By Jack Bourassa
“We must learn to live together as brothers or perish together as fools”— Martin Luther King Jr.
February is Black History Month: the time of the year dedicated to reflecting on and honouring the legacy of Black Canadians, their stories, struggles, contributions, past and present. It’s the time to be inspired by the resiliency, celebrate victories and learn from the stories of courage. It’s the time to learn more about the past and condemn all acts of oppression— and make sure that they never happen again. As we celebrate this time of the year, it is important to stand firmly against anti-black racism and all forms of discrimination.
Black History Month is not only about celebrations; it’s an opportunity to reaffirm that we must live together as sisters and brothers. This responsibility falls collectively on everyone.
Whenever it’s time to celebrate occasions and events that recognize our diversity, there are always voices that emphasize the importance of tolerance. Let’s give this term a thought. By definition, tolerance is “a fair, objective, and permissive attitude toward opinions, beliefs, and practices that differ from one’s own.” Dictionary.com has more definitions that revolve around the same concept. And to tolerate is to endure. If we want to put this in a sentence: My tolerance toward loud music is limited. Once that threshold is passed, patience would vanish.
Imagine going to a place, and instead of welcoming you, the first person you meet says: Good afternoon, you’re tolerated here. How does that feel?
At a time when Trump continues to glorify his controversial “wall”, we’re all building walls of tolerance against each other. The difference is that, unlike Trump’s, our walls of tolerance are built in the name of coexistence. To tolerate your co-worker, an acquaintance, a community or family member, etc. means that their differences will not provoke you to cause them any harm. But at the same time, they are not going to be welcomed into a healthy social community life. It means that those who’re different would be endured, but not accepted and loved. The differences that divide people could be racial, religious, sexual orientation, etc. If tolerance is the only value used to establish coexistence, there would always be a wall between “us” and “them”— whoever “us” and “them” could be.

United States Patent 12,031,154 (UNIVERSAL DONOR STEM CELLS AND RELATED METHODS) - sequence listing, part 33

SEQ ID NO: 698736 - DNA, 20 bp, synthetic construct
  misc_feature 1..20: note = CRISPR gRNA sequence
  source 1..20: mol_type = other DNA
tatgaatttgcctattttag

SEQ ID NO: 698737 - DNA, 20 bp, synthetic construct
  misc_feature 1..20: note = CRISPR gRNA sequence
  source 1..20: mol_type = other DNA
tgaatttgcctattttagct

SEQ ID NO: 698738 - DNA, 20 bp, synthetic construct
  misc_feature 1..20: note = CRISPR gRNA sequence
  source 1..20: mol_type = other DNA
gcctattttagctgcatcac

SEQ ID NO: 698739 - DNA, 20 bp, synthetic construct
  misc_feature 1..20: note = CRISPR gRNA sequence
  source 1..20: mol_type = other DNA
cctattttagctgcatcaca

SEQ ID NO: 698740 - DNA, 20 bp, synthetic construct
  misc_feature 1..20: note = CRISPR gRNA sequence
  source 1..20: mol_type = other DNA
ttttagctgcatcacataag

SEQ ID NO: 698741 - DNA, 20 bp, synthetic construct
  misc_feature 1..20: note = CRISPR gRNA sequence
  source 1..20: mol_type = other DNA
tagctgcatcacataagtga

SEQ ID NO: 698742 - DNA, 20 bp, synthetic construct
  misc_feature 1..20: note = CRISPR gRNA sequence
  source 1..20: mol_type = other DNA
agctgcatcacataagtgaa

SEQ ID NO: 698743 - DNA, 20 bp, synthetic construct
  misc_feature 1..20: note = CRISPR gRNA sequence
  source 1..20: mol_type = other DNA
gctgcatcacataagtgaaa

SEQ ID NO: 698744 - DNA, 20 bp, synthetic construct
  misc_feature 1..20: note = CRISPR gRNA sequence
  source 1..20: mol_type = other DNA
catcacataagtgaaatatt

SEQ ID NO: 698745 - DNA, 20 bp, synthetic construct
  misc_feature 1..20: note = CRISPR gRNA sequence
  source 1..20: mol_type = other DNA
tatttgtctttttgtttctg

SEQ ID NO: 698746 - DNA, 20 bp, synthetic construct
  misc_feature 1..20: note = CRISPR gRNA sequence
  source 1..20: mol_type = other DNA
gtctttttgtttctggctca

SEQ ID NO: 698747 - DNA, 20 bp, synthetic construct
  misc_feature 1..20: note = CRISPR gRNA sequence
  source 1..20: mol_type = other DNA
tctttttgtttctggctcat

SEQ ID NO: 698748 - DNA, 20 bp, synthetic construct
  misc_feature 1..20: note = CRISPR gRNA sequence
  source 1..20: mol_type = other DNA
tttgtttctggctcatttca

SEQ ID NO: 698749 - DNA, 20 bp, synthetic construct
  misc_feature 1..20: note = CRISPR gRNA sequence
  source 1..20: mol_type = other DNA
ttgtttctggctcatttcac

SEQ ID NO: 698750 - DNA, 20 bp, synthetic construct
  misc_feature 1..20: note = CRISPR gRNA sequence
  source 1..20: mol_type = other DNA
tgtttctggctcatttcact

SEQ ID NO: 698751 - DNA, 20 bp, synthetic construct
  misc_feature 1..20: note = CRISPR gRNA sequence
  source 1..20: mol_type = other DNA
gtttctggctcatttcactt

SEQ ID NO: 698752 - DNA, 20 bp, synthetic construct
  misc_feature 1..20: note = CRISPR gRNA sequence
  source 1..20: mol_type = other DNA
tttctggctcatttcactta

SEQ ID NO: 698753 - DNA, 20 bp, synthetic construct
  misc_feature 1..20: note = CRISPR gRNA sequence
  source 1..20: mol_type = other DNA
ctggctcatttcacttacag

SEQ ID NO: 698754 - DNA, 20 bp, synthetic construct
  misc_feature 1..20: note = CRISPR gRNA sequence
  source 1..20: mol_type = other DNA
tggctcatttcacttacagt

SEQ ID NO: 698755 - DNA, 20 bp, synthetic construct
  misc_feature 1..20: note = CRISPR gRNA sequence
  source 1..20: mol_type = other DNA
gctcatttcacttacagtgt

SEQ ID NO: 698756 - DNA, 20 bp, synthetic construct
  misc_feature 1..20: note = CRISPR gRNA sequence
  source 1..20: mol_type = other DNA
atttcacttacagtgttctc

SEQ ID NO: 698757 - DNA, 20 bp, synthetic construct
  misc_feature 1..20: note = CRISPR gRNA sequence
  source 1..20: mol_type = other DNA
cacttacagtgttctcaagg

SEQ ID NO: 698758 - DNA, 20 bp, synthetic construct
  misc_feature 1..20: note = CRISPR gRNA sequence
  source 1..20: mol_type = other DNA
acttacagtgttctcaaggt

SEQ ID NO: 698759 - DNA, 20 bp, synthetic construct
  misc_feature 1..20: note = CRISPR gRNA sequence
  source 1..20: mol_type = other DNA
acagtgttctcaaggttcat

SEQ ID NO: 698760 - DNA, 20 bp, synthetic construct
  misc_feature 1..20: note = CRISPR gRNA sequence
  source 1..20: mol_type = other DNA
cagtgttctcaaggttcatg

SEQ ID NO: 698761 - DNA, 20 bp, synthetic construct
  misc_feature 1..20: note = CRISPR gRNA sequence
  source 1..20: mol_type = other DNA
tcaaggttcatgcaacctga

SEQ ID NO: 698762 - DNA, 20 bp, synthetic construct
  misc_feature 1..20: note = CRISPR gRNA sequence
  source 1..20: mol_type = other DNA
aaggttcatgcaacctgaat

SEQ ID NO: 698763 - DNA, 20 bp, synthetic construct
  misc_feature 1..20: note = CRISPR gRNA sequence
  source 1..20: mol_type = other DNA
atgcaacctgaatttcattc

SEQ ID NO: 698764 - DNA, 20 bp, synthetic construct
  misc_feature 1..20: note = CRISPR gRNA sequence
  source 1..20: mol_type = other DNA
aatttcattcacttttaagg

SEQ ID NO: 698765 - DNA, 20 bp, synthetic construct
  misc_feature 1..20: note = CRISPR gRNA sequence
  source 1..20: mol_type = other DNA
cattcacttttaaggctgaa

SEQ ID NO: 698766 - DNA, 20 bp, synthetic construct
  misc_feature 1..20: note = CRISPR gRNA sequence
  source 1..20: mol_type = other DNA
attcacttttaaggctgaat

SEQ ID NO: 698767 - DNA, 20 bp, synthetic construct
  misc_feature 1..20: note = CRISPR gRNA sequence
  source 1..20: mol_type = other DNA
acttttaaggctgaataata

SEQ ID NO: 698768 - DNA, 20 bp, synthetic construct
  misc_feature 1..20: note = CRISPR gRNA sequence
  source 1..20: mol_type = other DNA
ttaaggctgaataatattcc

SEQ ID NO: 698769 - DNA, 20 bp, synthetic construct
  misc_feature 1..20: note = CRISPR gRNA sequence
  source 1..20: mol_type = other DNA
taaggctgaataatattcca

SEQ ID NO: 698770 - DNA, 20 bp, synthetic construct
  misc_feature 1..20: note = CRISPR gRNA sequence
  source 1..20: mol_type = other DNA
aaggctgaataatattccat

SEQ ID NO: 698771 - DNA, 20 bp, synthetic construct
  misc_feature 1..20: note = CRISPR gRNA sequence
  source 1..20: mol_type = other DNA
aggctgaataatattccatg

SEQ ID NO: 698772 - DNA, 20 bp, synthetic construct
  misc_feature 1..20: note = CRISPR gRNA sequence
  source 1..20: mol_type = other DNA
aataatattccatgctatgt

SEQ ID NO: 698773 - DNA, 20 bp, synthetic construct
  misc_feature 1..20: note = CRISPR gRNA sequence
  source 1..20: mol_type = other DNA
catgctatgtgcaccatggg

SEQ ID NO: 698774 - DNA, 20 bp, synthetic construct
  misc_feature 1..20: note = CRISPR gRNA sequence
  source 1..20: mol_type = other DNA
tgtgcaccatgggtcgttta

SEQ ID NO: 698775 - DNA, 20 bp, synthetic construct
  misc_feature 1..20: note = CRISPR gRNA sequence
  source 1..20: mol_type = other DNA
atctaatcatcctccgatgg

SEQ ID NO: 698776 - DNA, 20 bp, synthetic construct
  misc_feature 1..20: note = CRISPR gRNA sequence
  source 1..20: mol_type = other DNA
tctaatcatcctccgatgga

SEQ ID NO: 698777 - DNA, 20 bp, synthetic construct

Tolerance alone would not help us have healthy communities safe for diversity and solid coexistence. Tolerance is not the goal. It’s only a stepping stone, that Canadians should have already passed decades ago. I invite you to never tolerate intolerance, but to always go beyond tolerance.
Acceptance is the answer—it will ensure a diverse society where we care for one another. While tolerance is something that could (and is required) to be established by laws, acceptance is not. It’s something that comes from within as a choice to walk on the path of building healthy communities. Let’s take a closer look at our workplaces and communities and ask the question: do we see tolerance or acceptance? Let’s work collectively together to establish acceptance. This begins with understanding, learning and good communication.
Abolish stereotypes and learn about the different diverse communities. Approach the learning experience with passion and love for one another— it’s time to cast all judgments away. Abandon “us” and “them” rhetoric, we are all one. In the labour movement, I’ve learnt that we’re all being affected in one way or the other by injustices and if we don’t stand together in solidarity, the impacts will be upon all. If we live in communities where social justice is prioritized, then everyone in the community will benefit. Let’s emphasize on what unites us and brings us together.
It doesn’t matter if you belong to the group facing the discrimination or not. Speak up if you see someone not being accepted in your workplace or community. Make sure that they feel accepted (not only tolerated) and help them to feel welcomed. If you witness an act of discrimination, then take an action to protect the targeted person or group. Be an ally and remember Niemöller’s words:
“First they came for the Socialists, and I did not speak out—
Because I was not a Socialist.
Then they came for the Trade Unionists, and I did not speak out—
Because I was not a Trade Unionist.
Then they came for the Jews, and I did not speak out—
Because I was not a Jew.
Then they came for me—and there was no one left to speak for me.”
We’ll live together as sisters and brothers when we learn to accept each other.
This column originally appeared in Yellowknifer on February 6, 2019.